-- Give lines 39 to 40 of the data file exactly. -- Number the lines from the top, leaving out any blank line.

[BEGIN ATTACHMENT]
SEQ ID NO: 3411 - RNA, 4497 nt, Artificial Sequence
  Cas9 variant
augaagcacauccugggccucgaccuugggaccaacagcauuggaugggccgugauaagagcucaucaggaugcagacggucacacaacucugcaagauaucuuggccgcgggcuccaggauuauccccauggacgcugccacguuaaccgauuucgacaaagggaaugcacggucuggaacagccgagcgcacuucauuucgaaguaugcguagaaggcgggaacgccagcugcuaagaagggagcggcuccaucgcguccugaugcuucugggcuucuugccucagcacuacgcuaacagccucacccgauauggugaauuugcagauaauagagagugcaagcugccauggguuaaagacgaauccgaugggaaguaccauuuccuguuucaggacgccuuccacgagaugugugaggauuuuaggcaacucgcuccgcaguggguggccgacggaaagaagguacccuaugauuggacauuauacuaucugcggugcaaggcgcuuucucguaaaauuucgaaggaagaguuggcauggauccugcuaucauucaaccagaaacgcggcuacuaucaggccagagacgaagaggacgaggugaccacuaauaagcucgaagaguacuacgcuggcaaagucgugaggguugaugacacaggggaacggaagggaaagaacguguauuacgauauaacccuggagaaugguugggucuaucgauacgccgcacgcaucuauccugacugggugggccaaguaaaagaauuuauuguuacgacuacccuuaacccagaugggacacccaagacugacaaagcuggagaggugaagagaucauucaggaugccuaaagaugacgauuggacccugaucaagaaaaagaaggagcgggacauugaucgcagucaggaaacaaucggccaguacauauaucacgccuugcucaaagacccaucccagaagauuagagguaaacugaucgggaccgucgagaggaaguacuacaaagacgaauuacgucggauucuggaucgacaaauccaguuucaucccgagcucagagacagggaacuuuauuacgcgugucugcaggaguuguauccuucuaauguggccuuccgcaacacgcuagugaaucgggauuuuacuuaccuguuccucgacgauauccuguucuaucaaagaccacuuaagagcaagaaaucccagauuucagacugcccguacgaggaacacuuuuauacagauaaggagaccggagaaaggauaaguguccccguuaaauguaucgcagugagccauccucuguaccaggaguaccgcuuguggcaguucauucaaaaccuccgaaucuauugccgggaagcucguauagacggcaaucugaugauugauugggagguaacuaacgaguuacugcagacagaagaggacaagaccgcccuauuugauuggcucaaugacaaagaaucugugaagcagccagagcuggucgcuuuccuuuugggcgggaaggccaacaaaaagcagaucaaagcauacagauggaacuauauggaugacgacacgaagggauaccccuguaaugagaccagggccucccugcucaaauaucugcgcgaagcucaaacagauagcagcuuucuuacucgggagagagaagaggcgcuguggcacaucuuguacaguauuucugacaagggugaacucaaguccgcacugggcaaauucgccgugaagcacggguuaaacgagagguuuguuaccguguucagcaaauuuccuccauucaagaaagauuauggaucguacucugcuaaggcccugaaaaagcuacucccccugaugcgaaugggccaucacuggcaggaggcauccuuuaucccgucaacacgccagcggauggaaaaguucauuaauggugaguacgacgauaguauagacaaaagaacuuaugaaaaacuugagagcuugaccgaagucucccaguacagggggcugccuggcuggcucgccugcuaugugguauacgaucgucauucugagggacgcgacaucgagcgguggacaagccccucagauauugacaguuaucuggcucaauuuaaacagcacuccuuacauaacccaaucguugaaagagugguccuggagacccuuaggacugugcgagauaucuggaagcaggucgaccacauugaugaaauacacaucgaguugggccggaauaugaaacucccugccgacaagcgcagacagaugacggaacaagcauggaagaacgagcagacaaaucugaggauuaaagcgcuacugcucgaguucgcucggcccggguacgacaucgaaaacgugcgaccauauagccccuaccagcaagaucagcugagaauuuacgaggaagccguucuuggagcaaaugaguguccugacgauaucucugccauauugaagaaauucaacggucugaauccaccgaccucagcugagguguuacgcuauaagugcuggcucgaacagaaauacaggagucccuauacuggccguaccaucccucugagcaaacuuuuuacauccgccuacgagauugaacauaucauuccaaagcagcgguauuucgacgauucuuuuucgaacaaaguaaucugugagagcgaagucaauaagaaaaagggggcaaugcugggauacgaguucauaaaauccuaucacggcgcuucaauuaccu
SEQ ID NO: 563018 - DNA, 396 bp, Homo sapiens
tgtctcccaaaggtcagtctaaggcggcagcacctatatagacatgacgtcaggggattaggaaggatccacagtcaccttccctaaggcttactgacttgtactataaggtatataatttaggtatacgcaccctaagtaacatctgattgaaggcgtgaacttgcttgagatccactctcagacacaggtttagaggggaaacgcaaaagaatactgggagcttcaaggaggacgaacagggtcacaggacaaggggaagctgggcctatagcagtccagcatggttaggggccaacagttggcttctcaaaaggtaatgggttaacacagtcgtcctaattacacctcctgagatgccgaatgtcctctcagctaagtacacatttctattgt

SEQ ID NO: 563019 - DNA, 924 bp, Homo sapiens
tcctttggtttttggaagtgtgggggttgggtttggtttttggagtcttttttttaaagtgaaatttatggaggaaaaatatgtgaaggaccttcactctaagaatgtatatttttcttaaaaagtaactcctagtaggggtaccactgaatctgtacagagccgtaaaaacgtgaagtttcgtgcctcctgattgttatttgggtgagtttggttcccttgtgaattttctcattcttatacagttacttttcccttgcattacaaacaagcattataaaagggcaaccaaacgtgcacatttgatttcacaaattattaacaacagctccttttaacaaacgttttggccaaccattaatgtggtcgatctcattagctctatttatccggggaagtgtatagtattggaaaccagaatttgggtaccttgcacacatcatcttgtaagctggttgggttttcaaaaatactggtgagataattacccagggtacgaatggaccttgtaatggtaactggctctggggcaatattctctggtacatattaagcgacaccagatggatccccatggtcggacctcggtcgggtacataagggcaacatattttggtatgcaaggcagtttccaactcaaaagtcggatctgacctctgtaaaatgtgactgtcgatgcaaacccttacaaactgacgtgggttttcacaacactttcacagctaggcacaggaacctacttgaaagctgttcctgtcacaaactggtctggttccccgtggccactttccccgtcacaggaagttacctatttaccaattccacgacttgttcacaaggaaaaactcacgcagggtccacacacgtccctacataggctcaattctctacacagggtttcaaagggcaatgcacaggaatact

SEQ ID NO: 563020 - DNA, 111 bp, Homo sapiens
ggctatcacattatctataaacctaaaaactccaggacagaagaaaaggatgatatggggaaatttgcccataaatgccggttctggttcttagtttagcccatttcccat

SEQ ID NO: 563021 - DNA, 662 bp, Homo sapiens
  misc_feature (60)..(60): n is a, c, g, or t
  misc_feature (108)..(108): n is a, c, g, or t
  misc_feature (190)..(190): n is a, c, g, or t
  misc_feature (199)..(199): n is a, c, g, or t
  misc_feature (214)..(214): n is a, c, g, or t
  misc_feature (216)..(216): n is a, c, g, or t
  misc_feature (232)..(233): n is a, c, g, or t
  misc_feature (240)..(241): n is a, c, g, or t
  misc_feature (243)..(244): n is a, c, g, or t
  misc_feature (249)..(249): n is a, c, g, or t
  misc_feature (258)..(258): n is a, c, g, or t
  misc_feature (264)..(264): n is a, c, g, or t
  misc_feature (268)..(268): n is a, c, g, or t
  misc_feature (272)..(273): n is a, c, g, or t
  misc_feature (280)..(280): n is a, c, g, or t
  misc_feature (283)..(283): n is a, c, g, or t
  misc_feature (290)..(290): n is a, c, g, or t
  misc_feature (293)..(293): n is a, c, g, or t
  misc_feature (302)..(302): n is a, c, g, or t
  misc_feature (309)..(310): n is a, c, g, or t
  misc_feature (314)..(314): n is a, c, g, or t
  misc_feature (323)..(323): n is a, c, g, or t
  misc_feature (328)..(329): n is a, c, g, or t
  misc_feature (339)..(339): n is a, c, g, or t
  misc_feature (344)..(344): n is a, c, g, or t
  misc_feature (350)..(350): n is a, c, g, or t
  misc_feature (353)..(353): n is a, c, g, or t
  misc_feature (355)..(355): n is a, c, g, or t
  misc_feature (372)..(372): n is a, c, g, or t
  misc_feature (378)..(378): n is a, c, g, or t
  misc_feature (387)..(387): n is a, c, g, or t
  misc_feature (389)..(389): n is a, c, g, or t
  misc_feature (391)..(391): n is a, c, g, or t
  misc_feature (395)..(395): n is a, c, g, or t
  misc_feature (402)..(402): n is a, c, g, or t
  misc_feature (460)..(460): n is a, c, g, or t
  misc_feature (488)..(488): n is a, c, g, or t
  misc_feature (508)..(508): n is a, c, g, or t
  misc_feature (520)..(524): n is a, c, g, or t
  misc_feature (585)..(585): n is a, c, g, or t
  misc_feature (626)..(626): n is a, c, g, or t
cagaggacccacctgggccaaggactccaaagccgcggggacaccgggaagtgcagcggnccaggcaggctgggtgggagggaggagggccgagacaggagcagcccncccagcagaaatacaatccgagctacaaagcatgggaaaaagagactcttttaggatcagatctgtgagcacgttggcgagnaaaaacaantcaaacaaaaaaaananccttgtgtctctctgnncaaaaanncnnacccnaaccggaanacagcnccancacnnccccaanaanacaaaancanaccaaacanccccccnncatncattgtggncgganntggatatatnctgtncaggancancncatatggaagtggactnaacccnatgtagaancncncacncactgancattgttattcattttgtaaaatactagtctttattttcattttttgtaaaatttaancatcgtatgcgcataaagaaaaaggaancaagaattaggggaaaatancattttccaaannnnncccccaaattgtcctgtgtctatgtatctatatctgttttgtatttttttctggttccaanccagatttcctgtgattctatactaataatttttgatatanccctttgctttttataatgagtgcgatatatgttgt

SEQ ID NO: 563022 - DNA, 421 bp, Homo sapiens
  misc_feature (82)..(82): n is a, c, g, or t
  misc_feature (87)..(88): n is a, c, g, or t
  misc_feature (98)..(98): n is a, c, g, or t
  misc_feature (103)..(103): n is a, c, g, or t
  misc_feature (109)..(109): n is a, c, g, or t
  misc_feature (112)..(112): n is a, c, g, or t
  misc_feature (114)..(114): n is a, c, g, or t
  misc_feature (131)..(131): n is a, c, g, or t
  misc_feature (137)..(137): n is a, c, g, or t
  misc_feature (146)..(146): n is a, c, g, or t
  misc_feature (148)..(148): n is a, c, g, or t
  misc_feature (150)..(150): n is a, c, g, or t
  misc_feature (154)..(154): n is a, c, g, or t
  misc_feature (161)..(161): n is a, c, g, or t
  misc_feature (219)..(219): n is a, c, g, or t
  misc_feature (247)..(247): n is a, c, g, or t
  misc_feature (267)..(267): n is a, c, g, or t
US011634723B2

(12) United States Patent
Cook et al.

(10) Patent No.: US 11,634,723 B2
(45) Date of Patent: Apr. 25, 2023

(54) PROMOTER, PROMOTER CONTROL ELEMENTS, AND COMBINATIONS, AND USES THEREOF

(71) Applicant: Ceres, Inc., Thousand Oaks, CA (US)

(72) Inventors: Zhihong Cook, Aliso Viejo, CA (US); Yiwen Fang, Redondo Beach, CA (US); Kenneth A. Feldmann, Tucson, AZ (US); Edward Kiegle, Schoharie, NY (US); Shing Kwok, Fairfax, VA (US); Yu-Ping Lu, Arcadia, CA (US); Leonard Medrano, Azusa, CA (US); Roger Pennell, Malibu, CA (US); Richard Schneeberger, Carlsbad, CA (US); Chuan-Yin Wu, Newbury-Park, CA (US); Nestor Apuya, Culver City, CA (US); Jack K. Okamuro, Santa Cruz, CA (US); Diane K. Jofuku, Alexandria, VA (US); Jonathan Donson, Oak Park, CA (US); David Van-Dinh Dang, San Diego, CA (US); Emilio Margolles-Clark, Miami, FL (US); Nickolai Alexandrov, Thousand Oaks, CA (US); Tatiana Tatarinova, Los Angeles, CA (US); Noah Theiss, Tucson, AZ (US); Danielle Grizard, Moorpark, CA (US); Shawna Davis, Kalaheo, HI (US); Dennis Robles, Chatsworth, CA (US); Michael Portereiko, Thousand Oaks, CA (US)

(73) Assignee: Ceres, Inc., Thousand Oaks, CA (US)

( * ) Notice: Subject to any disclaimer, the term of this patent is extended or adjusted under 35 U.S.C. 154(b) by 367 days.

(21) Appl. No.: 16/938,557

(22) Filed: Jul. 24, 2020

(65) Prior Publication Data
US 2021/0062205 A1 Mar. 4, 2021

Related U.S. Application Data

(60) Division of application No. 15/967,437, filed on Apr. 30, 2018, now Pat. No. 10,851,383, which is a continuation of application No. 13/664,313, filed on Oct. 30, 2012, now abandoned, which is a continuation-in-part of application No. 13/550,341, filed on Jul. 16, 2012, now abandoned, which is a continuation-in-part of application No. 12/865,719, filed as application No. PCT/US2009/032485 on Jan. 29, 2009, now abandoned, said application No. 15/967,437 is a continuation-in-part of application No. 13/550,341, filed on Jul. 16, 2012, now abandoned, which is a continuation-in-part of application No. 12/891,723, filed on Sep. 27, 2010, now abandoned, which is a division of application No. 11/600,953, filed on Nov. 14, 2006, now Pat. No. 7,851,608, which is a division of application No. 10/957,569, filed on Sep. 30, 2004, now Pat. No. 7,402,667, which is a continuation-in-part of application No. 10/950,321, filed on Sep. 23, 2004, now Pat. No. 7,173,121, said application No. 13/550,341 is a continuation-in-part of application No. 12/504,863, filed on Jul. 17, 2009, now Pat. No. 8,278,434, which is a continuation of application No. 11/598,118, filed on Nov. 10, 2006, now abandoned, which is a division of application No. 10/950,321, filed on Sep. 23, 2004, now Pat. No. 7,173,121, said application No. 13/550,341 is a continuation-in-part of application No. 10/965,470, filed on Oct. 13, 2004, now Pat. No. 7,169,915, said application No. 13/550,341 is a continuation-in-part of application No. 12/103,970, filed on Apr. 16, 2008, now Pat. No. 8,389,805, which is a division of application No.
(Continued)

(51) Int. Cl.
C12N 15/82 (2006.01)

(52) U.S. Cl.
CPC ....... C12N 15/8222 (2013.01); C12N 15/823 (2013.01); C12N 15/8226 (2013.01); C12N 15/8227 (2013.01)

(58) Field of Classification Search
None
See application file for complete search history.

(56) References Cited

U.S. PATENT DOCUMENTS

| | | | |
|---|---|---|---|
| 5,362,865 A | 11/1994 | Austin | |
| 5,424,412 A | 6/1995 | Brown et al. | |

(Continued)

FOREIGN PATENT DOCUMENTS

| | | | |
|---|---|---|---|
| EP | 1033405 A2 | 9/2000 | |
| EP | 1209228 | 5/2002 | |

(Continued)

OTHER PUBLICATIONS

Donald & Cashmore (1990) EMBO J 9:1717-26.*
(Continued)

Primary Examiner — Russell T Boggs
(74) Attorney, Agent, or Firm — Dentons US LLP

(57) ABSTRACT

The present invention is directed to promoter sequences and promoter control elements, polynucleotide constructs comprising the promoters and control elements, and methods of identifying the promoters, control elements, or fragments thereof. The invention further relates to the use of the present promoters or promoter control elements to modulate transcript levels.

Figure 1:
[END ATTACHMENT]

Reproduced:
  misc_feature (372)..(372): n is a, c, g, or t
  misc_feature (378)..(378): n is a, c, g, or t